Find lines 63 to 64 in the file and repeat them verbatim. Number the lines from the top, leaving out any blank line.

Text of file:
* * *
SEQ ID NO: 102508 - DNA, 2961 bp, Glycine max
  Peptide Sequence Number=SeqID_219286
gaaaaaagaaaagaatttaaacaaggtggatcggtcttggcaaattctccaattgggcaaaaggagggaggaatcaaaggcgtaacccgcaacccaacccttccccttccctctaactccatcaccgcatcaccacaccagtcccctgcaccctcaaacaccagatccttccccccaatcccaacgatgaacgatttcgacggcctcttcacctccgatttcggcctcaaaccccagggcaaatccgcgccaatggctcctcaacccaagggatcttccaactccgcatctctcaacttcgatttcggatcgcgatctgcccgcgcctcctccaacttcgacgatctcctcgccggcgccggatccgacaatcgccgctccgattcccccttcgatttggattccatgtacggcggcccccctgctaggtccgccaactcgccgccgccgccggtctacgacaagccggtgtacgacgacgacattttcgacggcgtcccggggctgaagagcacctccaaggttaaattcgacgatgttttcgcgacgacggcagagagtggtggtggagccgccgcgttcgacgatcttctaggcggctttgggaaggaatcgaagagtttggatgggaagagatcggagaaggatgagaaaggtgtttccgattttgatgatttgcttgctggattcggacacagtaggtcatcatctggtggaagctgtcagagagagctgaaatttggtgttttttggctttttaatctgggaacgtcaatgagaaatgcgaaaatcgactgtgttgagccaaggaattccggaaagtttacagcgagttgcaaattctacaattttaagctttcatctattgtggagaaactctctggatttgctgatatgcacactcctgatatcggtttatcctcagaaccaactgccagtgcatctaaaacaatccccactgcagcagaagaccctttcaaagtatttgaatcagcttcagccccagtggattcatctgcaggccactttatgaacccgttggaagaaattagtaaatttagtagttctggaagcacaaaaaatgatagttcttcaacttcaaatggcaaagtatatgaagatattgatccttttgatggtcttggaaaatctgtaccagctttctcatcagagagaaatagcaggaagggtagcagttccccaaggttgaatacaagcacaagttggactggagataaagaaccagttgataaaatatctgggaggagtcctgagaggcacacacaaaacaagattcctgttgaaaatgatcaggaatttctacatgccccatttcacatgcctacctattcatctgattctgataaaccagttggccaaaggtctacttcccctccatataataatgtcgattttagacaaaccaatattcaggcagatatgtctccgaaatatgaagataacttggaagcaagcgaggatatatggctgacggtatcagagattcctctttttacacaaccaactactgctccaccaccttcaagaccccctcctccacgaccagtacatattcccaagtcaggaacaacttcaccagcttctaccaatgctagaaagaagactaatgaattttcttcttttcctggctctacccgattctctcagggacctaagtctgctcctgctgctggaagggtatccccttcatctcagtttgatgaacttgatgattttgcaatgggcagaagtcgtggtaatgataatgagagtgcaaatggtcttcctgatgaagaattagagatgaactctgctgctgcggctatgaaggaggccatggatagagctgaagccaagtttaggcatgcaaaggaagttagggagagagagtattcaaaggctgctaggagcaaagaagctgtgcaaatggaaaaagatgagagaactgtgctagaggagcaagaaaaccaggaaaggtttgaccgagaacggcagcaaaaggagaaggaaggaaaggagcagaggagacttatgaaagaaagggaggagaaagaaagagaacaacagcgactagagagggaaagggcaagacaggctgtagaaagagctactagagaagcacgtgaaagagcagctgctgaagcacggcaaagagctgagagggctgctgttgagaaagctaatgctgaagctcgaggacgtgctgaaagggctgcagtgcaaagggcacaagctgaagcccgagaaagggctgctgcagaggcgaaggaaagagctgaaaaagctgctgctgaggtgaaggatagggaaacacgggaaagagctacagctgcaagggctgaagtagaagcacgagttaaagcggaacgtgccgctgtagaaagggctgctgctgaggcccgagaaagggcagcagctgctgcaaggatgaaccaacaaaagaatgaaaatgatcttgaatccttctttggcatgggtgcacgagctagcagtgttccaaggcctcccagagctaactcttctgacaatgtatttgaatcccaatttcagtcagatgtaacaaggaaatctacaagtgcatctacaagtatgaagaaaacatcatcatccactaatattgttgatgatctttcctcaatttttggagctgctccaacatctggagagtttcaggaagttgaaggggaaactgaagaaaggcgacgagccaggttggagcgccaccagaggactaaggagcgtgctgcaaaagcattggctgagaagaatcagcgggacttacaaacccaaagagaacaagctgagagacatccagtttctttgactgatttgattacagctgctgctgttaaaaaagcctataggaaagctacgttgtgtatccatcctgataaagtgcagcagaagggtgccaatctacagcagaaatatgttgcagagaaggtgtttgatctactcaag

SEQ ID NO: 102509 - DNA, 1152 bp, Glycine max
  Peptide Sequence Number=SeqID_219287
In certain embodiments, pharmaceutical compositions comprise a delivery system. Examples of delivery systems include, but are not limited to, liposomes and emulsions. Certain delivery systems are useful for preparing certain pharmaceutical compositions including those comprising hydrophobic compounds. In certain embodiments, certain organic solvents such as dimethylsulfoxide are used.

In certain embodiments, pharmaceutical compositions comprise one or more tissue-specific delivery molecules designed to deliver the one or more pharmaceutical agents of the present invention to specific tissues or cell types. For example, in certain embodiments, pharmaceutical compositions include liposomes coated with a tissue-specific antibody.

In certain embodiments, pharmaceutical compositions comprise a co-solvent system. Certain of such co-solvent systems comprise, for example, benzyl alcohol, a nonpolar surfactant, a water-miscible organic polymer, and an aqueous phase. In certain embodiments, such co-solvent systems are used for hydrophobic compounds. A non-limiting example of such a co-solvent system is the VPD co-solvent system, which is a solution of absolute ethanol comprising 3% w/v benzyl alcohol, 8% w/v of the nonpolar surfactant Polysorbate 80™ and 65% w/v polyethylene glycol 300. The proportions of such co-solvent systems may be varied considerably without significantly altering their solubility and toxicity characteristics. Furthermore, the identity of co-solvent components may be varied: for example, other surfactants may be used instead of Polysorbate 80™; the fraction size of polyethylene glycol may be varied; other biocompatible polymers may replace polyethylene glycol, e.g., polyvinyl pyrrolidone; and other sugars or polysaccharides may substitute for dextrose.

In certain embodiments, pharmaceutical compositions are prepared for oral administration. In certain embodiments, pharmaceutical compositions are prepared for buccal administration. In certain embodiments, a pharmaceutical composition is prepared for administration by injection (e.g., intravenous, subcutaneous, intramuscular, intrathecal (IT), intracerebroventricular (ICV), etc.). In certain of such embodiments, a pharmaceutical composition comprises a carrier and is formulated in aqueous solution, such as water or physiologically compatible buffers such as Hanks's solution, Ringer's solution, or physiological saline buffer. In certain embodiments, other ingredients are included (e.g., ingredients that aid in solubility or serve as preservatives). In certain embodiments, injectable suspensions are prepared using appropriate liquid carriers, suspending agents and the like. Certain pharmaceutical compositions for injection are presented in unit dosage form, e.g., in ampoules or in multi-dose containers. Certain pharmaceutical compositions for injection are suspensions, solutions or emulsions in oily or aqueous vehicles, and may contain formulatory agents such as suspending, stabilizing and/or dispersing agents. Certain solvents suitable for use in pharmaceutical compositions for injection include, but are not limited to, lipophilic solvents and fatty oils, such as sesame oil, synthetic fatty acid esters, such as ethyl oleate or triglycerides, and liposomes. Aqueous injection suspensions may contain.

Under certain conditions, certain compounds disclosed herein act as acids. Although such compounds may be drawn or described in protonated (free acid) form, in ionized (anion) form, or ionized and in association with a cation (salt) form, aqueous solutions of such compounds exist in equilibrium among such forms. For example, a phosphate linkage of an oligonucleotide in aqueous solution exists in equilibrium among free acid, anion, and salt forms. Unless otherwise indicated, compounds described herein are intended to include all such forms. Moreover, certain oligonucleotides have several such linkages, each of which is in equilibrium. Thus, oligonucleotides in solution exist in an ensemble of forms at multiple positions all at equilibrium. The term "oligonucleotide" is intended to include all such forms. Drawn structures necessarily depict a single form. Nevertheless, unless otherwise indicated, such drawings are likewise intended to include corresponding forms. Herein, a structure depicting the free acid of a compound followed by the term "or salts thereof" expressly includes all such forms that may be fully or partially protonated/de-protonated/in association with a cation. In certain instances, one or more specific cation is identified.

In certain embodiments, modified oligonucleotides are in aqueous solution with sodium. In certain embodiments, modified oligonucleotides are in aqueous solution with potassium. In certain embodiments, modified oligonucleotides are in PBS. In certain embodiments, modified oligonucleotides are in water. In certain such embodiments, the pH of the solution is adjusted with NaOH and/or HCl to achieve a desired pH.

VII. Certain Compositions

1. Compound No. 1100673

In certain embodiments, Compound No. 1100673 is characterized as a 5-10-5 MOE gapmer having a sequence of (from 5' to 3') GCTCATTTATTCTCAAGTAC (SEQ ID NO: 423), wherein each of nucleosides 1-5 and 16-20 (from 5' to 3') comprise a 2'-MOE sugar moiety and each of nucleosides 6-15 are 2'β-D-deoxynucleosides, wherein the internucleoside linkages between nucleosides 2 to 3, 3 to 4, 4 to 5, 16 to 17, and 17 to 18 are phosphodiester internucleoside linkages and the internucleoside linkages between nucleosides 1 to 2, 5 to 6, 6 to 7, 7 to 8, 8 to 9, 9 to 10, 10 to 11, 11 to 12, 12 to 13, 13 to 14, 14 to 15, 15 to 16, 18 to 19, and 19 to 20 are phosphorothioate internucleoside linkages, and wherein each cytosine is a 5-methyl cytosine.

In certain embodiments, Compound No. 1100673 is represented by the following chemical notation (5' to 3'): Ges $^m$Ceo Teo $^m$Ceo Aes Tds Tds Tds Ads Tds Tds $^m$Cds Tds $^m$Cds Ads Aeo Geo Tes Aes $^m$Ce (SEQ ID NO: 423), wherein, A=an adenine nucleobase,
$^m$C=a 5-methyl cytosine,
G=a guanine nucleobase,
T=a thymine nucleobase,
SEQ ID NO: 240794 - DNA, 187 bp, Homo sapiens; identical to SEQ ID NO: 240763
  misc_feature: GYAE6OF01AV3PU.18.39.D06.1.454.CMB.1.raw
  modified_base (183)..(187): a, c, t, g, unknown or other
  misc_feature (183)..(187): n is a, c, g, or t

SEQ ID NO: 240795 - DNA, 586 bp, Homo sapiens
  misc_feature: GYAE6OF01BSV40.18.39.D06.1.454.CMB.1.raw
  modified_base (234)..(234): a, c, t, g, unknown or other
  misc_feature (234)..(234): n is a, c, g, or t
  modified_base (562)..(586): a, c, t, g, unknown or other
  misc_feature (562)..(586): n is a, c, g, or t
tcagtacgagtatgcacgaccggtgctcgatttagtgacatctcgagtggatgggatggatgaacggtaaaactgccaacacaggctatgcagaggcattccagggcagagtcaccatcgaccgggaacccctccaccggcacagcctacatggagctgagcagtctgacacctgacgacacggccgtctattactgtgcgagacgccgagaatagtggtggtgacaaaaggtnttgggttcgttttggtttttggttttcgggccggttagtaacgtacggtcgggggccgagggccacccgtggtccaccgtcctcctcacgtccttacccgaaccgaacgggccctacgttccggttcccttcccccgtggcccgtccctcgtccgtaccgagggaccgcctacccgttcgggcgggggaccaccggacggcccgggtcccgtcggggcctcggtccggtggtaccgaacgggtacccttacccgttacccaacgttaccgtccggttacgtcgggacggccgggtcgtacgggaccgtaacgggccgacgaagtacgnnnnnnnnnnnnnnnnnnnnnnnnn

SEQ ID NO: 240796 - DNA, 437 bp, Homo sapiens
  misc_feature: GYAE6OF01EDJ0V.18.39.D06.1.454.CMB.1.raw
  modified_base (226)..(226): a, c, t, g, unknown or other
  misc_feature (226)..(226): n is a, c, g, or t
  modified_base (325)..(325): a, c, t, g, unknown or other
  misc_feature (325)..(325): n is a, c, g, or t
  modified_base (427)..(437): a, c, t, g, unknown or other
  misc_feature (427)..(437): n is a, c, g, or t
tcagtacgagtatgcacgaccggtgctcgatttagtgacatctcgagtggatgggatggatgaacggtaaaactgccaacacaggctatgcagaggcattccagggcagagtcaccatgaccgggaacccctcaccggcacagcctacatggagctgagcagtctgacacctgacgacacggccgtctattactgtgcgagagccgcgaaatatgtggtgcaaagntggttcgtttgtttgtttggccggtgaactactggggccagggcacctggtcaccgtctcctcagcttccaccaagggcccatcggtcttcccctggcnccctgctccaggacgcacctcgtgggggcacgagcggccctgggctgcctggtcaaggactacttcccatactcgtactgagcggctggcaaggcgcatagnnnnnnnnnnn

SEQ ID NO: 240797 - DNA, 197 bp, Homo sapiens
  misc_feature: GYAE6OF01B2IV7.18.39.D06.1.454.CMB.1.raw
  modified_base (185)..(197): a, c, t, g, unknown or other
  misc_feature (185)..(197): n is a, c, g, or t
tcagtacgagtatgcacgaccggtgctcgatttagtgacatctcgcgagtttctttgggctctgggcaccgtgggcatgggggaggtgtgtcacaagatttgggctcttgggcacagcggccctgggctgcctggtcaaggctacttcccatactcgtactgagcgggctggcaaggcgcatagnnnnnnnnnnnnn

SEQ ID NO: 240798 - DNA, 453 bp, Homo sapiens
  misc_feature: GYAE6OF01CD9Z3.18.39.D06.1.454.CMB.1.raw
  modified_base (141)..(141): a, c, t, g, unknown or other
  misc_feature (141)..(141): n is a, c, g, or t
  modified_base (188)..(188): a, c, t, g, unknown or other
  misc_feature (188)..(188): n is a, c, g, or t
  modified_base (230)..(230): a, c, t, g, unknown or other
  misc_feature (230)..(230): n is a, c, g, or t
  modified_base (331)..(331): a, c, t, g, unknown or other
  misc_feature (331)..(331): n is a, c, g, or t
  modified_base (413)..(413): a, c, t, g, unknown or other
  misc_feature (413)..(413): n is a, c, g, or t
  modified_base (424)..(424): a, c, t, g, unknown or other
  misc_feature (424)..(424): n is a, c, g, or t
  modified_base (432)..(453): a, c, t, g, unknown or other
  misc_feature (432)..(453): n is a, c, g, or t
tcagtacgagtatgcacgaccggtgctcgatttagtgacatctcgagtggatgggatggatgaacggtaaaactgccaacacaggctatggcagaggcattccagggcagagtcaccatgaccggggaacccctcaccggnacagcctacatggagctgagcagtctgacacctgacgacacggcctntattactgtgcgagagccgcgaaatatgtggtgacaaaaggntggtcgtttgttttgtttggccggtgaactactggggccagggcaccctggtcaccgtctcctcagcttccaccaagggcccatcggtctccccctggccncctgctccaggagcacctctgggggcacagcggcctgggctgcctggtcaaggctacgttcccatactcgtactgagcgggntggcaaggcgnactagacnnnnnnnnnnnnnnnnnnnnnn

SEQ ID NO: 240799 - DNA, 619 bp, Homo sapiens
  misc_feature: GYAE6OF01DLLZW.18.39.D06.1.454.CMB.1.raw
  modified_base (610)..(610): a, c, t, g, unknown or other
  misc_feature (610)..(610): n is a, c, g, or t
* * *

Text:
  modified_base (610)..(610): a, c, t, g, unknown or other
  misc_feature (610)..(610): n is a, c, g, or t